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Western Interests in Bangladesh Warn of Terrorist Attacks

Members of Bangladeshi police and detective branch stand by the site where Italian citizen Cesare Tavella was gunned down by unidentified assailants in Dhaka, Sept. 29, 2015.

Western embassies in Bangladesh are warning their citizens of terrorist attacks in that country, after an Italian aid worker was shot dead in the Bangladeshi capital in an attack claimed by Islamic State.

The U.S. Embassy said there was "reliable new information" to suggest militants may be planning to target Australian interests in Bangladesh, saying such attacks could likely affect foreigners, including U.S. citizens.

The embassy urged U.S. citizens to stay away from events where foreigners may gather and to maintain a high level of vigilance. Canada, Australia and Britain have also advised their officials to limit attendance at events where foreigners may gather.

Italian national gunned down

The Italian national, Cesare Tavella, was shot Monday in the diplomatic zone in Dhaka.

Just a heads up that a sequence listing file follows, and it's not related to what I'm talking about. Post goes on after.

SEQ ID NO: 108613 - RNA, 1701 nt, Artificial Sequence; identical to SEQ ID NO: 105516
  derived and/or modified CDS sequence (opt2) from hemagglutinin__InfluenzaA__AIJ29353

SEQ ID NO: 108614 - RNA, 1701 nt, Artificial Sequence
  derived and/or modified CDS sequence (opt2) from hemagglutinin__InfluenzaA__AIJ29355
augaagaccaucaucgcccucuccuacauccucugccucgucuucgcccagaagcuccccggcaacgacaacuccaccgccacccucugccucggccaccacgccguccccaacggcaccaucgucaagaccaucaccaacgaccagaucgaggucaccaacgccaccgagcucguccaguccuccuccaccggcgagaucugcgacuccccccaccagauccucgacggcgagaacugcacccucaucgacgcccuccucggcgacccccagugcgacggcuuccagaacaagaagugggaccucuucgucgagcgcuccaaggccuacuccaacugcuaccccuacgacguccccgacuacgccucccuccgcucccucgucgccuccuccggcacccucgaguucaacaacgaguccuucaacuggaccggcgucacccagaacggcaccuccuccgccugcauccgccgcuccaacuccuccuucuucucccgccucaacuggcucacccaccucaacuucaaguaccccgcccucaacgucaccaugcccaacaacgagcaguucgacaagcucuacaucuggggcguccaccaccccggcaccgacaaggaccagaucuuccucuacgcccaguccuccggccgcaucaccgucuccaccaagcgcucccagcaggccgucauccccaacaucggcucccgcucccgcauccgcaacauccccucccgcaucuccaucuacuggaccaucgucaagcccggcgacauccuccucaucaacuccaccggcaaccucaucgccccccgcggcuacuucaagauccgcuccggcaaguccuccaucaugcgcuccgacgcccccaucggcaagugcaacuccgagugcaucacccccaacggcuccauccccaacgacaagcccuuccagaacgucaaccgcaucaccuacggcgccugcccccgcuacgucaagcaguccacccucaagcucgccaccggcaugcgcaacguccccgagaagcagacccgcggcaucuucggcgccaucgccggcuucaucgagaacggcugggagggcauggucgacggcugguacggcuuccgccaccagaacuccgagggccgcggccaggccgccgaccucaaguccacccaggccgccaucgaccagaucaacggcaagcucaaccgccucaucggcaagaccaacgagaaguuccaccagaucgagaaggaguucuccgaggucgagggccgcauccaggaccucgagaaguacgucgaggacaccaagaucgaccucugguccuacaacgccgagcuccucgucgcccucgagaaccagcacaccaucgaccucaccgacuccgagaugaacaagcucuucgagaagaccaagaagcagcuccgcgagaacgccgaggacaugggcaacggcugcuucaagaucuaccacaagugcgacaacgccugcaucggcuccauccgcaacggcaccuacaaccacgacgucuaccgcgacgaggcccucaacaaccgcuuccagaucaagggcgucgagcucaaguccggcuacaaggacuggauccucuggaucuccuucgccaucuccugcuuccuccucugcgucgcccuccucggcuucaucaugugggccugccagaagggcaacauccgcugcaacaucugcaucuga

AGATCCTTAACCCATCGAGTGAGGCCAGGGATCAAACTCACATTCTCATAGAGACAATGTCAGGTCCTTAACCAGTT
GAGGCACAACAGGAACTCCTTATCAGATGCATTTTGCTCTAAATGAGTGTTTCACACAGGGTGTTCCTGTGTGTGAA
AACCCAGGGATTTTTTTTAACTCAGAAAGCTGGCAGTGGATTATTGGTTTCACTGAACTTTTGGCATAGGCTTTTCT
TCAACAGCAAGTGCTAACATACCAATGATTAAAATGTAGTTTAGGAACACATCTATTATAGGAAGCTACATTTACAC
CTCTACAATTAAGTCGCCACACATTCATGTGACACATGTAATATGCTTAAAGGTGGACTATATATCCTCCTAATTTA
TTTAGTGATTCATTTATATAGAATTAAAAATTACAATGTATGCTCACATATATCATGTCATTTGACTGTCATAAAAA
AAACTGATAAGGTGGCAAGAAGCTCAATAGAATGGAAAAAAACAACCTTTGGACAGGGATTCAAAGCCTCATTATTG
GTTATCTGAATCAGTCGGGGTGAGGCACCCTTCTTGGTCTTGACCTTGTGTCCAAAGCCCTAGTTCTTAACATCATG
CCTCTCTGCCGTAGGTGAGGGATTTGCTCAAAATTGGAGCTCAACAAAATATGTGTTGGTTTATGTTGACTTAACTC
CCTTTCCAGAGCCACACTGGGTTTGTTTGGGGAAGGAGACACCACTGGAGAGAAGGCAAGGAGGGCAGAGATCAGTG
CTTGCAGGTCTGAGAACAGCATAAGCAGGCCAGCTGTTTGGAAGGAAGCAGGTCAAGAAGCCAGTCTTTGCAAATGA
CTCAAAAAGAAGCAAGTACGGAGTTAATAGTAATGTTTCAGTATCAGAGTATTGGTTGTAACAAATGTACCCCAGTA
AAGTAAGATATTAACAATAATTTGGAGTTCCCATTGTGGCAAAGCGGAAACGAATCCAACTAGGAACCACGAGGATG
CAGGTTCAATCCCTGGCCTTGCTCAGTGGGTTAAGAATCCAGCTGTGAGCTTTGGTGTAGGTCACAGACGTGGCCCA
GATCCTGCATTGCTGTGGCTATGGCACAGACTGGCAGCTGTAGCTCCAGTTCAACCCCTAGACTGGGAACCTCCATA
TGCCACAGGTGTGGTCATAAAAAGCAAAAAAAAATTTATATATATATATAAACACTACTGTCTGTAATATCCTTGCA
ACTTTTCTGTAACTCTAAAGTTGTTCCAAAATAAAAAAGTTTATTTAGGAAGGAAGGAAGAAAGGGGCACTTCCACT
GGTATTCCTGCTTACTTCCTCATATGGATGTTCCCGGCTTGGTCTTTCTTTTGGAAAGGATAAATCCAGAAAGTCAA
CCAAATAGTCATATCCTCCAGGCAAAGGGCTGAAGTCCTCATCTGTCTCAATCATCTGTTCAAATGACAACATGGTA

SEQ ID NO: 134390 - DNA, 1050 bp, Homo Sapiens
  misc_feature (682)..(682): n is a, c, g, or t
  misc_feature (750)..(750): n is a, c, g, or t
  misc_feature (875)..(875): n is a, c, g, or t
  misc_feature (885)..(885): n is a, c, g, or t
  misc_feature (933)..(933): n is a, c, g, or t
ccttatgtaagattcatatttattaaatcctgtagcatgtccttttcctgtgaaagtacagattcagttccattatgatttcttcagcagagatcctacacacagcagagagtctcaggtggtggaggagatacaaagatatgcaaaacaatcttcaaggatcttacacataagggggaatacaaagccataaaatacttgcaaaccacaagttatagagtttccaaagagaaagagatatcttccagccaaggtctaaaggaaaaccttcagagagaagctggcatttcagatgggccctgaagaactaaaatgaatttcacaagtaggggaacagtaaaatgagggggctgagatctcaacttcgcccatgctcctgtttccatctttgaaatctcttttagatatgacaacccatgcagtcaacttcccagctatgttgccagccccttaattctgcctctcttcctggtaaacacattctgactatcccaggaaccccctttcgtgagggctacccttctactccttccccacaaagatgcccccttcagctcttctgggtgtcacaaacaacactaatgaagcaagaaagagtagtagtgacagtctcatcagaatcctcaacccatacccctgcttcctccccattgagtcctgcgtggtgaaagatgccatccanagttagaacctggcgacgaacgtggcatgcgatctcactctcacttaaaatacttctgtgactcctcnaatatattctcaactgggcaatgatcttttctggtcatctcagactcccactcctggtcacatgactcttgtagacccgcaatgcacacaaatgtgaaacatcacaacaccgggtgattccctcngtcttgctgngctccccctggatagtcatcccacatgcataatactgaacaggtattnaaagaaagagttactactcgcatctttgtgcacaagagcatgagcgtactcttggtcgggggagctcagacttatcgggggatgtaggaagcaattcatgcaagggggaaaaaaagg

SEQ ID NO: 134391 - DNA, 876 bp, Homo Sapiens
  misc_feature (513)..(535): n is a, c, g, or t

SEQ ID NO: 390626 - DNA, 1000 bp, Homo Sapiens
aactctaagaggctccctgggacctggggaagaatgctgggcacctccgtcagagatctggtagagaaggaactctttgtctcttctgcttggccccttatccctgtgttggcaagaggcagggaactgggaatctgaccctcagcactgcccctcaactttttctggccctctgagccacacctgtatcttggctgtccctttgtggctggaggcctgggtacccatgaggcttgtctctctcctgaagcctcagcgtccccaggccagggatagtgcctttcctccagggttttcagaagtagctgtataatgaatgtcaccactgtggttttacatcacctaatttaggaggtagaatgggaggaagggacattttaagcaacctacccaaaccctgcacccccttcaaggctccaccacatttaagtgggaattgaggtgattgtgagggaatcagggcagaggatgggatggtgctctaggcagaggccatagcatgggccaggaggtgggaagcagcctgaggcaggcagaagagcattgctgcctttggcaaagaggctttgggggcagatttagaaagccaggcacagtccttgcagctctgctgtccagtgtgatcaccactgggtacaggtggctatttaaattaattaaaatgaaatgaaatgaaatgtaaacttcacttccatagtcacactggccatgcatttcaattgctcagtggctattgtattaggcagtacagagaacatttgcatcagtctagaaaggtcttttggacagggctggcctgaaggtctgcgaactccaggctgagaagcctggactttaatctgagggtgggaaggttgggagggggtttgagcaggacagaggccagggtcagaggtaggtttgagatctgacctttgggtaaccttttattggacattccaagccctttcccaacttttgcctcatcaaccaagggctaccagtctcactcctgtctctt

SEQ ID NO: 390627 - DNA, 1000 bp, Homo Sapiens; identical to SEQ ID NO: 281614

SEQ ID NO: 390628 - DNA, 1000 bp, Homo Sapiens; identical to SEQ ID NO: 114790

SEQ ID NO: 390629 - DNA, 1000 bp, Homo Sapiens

Witnesses said the assailants riding on a motorcycle drove up alongside Tavella and shot him, before fleeing the scene.

Police would not confirm the involvement of the Islamic State group in the attack.

Islamist-related violence has risen during the past year in Bangladesh, where the government is fighting to restrain Jihadist groups.

A Bangladesh-based hardline Islamist group has issued a “hit list,” threatening to kill 20 outspoken Bangladeshi bloggers, writers and activists, most of whom have already fled the country in the face of continuing threats.

The list, issued by banned militant group Ansarullah Bangla Team (ABT), raises fears that the Islamic extremists are apparently seeking to take their attack on the so-called “freethinkers” beyond the territory of the southeast Asian country.

In the past two years, 10 secular bloggers and their supporters have been killed by religious extremists in Bangladesh because of writings criticizing religious extremism.